High intensity exercise yields increases in oxidative capacity as well as capillarity, but does not enhance regional blood flow, which would lead to the conclusion that the arterioles are not positively affected at higher intensities. That means that increased capillarity without arteriole enhancement yields no gain in regional blood flow (Maxwell, et al. 1980). Studies done on subjects with diseases that limit blood flow show great losses in endurance performance, which should demonstrate how important regional blood flow is. So, the proper terminology is "vascular enhancement", specifically, "arteriole enhancement" and "capillary tortuosity" being the primary vascular tenets of base. It is my understanding that arterioles can adapt in both size and number, increasing the amount of blood that can pass downstream to the capillaries. The key point is that base must still be done at low-intensity to make this happen. Vessel tortuosity is also exclusively a low-intensity operation and is extremely important to the base mission.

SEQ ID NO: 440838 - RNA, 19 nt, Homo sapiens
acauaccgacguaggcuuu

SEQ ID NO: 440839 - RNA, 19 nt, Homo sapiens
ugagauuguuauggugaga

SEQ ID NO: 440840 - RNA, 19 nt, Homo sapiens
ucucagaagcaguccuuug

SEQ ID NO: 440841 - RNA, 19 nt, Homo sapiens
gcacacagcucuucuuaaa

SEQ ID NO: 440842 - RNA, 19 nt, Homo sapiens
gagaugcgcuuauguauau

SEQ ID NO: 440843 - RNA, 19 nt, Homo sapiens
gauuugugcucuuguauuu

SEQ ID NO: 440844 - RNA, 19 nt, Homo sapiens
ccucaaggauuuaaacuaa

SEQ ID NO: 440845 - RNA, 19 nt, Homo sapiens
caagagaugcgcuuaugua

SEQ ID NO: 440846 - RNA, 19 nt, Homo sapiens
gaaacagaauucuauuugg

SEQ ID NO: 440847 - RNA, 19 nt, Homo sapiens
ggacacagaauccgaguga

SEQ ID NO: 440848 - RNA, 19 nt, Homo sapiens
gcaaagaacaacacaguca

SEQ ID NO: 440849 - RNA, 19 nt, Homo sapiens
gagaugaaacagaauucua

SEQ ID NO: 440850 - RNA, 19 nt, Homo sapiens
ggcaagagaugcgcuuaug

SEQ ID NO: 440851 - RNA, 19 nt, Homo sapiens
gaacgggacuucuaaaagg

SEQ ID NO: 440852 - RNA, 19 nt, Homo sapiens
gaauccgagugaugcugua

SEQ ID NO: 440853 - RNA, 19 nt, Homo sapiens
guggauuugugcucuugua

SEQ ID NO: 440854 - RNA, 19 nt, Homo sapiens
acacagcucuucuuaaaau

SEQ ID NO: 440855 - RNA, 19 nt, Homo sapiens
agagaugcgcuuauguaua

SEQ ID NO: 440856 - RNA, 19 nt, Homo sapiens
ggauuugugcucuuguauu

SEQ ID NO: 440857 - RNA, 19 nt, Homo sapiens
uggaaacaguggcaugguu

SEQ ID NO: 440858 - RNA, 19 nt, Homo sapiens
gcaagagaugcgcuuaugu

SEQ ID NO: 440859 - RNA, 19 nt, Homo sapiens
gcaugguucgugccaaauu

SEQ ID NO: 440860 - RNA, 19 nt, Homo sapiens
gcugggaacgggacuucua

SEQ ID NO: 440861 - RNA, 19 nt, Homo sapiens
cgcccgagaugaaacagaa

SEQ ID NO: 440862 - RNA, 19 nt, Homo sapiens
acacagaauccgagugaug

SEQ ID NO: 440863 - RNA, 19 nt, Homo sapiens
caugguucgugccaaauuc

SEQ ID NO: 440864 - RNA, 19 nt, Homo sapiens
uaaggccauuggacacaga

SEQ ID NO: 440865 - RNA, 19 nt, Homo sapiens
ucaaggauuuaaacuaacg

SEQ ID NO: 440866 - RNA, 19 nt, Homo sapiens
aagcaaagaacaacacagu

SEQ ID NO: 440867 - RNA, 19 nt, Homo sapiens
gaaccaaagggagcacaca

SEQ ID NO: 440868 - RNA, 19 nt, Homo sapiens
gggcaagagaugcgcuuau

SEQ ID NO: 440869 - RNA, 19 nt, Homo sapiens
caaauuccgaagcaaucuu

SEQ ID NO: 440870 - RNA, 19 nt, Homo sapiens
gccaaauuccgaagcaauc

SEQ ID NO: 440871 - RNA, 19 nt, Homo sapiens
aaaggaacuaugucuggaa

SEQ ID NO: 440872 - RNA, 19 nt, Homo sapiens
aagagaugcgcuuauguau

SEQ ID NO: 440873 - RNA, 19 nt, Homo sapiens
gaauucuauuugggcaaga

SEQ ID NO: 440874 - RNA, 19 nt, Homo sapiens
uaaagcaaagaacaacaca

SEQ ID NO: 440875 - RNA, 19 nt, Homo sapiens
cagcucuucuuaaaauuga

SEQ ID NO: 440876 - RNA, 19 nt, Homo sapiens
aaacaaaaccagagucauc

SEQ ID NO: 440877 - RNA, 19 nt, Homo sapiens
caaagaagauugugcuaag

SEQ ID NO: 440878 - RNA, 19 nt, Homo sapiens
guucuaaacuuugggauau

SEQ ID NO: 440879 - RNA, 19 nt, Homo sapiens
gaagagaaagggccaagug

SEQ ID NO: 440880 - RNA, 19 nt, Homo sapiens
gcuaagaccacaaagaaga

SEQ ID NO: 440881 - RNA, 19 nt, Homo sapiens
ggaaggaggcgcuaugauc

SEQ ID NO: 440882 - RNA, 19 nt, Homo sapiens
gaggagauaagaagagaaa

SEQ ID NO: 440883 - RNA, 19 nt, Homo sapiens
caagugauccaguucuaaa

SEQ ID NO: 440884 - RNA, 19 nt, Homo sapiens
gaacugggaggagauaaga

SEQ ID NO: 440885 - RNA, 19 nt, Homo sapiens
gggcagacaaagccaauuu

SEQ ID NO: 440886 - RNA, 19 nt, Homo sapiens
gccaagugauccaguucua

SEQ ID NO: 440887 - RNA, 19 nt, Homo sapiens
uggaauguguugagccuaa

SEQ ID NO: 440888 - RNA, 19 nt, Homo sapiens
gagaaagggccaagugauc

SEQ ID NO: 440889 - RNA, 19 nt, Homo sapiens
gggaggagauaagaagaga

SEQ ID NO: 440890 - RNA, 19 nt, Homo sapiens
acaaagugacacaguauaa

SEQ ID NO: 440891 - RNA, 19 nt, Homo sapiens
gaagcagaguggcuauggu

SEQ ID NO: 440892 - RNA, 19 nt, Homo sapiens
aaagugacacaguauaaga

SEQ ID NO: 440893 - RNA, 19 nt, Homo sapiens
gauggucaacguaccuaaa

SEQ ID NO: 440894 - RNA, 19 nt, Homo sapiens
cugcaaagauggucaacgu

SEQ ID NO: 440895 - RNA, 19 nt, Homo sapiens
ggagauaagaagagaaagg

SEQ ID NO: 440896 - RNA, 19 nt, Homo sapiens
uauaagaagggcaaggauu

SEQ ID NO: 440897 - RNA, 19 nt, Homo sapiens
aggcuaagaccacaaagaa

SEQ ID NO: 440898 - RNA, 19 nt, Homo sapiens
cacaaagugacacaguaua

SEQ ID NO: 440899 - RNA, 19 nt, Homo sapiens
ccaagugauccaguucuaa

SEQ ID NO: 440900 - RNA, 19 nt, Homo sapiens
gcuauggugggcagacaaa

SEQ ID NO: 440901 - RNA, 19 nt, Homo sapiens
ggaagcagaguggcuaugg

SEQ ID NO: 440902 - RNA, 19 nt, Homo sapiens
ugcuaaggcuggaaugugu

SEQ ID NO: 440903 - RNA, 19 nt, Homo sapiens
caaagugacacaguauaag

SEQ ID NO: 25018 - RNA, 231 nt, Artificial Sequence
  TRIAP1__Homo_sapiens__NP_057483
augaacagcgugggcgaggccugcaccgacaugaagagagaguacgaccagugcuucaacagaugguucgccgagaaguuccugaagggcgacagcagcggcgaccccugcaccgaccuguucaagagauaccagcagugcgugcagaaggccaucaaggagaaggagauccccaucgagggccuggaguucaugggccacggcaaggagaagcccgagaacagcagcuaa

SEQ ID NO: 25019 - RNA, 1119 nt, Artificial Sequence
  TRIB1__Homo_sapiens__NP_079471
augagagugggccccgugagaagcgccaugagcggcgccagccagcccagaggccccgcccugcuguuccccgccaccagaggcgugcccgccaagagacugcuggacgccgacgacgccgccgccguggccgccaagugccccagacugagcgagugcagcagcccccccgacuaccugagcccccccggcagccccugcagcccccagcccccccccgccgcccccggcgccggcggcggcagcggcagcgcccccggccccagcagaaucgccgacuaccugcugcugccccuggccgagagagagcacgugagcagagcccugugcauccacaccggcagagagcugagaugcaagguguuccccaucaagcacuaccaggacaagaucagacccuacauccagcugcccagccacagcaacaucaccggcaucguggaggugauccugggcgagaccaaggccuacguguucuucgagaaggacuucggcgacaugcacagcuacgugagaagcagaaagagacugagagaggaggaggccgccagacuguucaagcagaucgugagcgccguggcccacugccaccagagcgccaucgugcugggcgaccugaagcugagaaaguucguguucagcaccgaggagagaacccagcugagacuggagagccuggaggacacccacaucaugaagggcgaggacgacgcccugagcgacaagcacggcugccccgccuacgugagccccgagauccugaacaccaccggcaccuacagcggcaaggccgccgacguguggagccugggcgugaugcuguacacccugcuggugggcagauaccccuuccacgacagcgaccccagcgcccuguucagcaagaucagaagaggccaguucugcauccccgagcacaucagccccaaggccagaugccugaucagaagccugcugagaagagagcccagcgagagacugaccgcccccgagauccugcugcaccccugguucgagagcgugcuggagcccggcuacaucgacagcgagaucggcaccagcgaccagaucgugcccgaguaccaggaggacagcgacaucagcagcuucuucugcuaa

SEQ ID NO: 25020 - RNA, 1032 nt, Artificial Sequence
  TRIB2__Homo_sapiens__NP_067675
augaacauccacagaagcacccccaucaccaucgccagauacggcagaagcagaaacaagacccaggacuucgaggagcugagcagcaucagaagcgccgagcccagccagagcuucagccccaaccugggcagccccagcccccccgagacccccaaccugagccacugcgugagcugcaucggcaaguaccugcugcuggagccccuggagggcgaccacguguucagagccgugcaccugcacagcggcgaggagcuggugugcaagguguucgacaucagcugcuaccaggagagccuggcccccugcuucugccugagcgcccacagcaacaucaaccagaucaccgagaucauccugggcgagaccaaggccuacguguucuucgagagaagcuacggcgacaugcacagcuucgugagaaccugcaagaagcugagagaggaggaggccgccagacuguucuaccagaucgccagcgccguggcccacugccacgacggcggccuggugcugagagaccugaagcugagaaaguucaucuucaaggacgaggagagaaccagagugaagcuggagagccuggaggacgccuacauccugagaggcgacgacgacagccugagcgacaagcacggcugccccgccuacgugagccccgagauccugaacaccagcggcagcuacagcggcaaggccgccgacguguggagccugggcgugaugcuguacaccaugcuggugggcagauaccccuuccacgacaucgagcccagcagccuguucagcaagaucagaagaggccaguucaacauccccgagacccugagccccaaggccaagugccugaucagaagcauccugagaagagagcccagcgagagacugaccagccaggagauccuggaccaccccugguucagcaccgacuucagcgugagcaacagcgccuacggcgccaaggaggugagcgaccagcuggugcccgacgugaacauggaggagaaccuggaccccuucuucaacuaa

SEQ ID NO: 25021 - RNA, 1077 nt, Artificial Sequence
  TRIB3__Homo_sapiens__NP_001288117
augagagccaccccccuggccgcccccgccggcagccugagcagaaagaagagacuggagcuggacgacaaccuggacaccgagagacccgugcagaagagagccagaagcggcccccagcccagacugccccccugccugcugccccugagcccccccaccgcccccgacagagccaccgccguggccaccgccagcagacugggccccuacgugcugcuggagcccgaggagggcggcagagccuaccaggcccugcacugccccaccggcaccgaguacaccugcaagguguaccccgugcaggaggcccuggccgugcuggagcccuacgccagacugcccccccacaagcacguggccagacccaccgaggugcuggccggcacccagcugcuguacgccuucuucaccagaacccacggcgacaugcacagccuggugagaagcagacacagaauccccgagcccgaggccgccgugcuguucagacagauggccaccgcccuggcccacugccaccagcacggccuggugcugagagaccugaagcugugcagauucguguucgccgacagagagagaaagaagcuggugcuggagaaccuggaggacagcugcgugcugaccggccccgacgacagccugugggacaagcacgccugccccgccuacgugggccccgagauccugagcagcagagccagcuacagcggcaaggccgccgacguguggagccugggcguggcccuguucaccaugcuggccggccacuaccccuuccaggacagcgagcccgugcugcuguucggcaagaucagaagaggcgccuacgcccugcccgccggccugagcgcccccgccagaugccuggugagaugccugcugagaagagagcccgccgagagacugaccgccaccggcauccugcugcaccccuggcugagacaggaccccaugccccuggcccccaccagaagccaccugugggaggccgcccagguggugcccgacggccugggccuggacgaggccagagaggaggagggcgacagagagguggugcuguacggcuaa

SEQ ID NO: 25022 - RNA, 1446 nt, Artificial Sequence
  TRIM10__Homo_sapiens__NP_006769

I will still stick to my guns that base can be blown if you go over the designated intensity. I will do that on the aspect of progression alone, and because I have enough history with base to respect its importance. It makes sense that the body makes decisions based on trending and will interrupt growth trends in response to fluctuations in trends. It's not worth the risk to take chances that the full benefits will not be realized. Can base be blown with a single high-intensity burst? That would make a good study! As stated above, it has been shown that low-intensity endurance training induces endothelium-dependent vasodilation of arterioles (McAllister et al. 2004). This coupled with the aforementioned study showing no change in regional blood-flow at higher intensities would lead me to conclude that lower-intensity is the means to greater blood flow. The idea of base is to give the body consistent, low pressure that it can make residing adaptations to. burst of intensity will logically interrupt trends the body is trying to react to. The moral. just say no to intensity during base.